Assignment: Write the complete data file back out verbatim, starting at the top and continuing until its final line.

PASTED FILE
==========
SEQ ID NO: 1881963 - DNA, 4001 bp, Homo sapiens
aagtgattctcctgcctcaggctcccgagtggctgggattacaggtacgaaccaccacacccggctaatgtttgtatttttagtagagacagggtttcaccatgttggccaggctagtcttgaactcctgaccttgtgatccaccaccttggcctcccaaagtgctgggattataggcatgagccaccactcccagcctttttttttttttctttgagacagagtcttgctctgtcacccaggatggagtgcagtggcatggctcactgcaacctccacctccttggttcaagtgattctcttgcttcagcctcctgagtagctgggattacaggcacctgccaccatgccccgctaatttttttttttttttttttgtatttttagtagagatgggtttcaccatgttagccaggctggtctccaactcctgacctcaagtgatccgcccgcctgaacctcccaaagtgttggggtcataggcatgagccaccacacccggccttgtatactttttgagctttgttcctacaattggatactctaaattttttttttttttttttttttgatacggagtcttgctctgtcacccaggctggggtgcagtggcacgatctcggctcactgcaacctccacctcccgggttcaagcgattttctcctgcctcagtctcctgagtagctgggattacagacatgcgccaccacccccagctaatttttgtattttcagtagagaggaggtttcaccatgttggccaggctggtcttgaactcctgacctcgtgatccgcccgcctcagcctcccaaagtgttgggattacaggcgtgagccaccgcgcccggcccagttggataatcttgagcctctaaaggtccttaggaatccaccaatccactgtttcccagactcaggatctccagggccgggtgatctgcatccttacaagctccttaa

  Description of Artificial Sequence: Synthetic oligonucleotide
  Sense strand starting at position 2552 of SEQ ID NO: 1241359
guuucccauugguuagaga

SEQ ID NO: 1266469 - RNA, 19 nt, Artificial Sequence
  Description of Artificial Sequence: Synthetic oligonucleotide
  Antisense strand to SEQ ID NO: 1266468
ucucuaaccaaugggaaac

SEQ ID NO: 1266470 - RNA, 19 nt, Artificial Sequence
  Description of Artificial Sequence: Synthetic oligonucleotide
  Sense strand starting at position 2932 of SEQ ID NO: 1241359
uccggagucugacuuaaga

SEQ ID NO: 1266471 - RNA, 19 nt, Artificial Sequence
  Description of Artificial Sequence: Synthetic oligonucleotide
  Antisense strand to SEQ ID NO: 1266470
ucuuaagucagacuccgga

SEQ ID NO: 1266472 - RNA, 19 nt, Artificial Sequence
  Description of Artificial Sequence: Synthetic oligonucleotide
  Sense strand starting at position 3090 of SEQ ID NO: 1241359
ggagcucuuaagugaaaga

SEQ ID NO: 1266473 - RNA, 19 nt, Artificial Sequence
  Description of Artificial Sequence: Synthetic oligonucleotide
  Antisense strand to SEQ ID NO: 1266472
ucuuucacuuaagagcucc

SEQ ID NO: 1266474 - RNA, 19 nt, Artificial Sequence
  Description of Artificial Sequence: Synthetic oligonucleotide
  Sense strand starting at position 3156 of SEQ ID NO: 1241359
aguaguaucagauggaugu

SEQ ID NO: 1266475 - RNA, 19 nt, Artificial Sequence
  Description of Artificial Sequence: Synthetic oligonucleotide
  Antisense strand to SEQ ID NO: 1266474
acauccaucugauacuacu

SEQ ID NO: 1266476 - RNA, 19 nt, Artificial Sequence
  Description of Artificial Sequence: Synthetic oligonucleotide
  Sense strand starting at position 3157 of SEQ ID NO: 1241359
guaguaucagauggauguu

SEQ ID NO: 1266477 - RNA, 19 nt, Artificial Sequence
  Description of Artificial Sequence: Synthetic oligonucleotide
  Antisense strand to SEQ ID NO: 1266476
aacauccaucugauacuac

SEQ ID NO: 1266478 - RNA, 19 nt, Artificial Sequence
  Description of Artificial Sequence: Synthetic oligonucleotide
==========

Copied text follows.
SEQ ID NO: 1881963 - DNA, 4001 bp, Homo sapiens
aagtgattctcctgcctcaggctcccgagtggctgggattacaggtacgaaccaccacacccggctaatgtttgtatttttagtagagacagggtttcaccatgttggccaggctagtcttgaactcctgaccttgtgatccaccaccttggcctcccaaagtgctgggattataggcatgagccaccactcccagcctttttttttttttctttgagacagagtcttgctctgtcacccaggatggagtgcagtggcatggctcactgcaacctccacctccttggttcaagtgattctcttgcttcagcctcctgagtagctgggattacaggcacctgccaccatgccccgctaatttttttttttttttttttgtatttttagtagagatgggtttcaccatgttagccaggctggtctccaactcctgacctcaagtgatccgcccgcctgaacctcccaaagtgttggggtcataggcatgagccaccacacccggccttgtatactttttgagctttgttcctacaattggatactctaaattttttttttttttttttttttgatacggagtcttgctctgtcacccaggctggggtgcagtggcacgatctcggctcactgcaacctccacctcccgggttcaagcgattttctcctgcctcagtctcctgagtagctgggattacagacatgcgccaccacccccagctaatttttgtattttcagtagagaggaggtttcaccatgttggccaggctggtcttgaactcctgacctcgtgatccgcccgcctcagcctcccaaagtgttgggattacaggcgtgagccaccgcgcccggcccagttggataatcttgagcctctaaaggtccttaggaatccaccaatccactgtttcccagactcaggatctccagggccgggtgatctgcatccttacaagctccttaa

  Description of Artificial Sequence: Synthetic oligonucleotide
  Sense strand starting at position 2552 of SEQ ID NO: 1241359
guuucccauugguuagaga

SEQ ID NO: 1266469 - RNA, 19 nt, Artificial Sequence
  Description of Artificial Sequence: Synthetic oligonucleotide
  Antisense strand to SEQ ID NO: 1266468
ucucuaaccaaugggaaac

SEQ ID NO: 1266470 - RNA, 19 nt, Artificial Sequence
  Description of Artificial Sequence: Synthetic oligonucleotide
  Sense strand starting at position 2932 of SEQ ID NO: 1241359
uccggagucugacuuaaga

SEQ ID NO: 1266471 - RNA, 19 nt, Artificial Sequence
  Description of Artificial Sequence: Synthetic oligonucleotide
  Antisense strand to SEQ ID NO: 1266470
ucuuaagucagacuccgga

SEQ ID NO: 1266472 - RNA, 19 nt, Artificial Sequence
  Description of Artificial Sequence: Synthetic oligonucleotide
  Sense strand starting at position 3090 of SEQ ID NO: 1241359
ggagcucuuaagugaaaga

SEQ ID NO: 1266473 - RNA, 19 nt, Artificial Sequence
  Description of Artificial Sequence: Synthetic oligonucleotide
  Antisense strand to SEQ ID NO: 1266472
ucuuucacuuaagagcucc

SEQ ID NO: 1266474 - RNA, 19 nt, Artificial Sequence
  Description of Artificial Sequence: Synthetic oligonucleotide
  Sense strand starting at position 3156 of SEQ ID NO: 1241359
aguaguaucagauggaugu

SEQ ID NO: 1266475 - RNA, 19 nt, Artificial Sequence
  Description of Artificial Sequence: Synthetic oligonucleotide
  Antisense strand to SEQ ID NO: 1266474
acauccaucugauacuacu

SEQ ID NO: 1266476 - RNA, 19 nt, Artificial Sequence
  Description of Artificial Sequence: Synthetic oligonucleotide
  Sense strand starting at position 3157 of SEQ ID NO: 1241359
guaguaucagauggauguu

SEQ ID NO: 1266477 - RNA, 19 nt, Artificial Sequence
  Description of Artificial Sequence: Synthetic oligonucleotide
  Antisense strand to SEQ ID NO: 1266476
aacauccaucugauacuac

SEQ ID NO: 1266478 - RNA, 19 nt, Artificial Sequence
  Description of Artificial Sequence: Synthetic oligonucleotide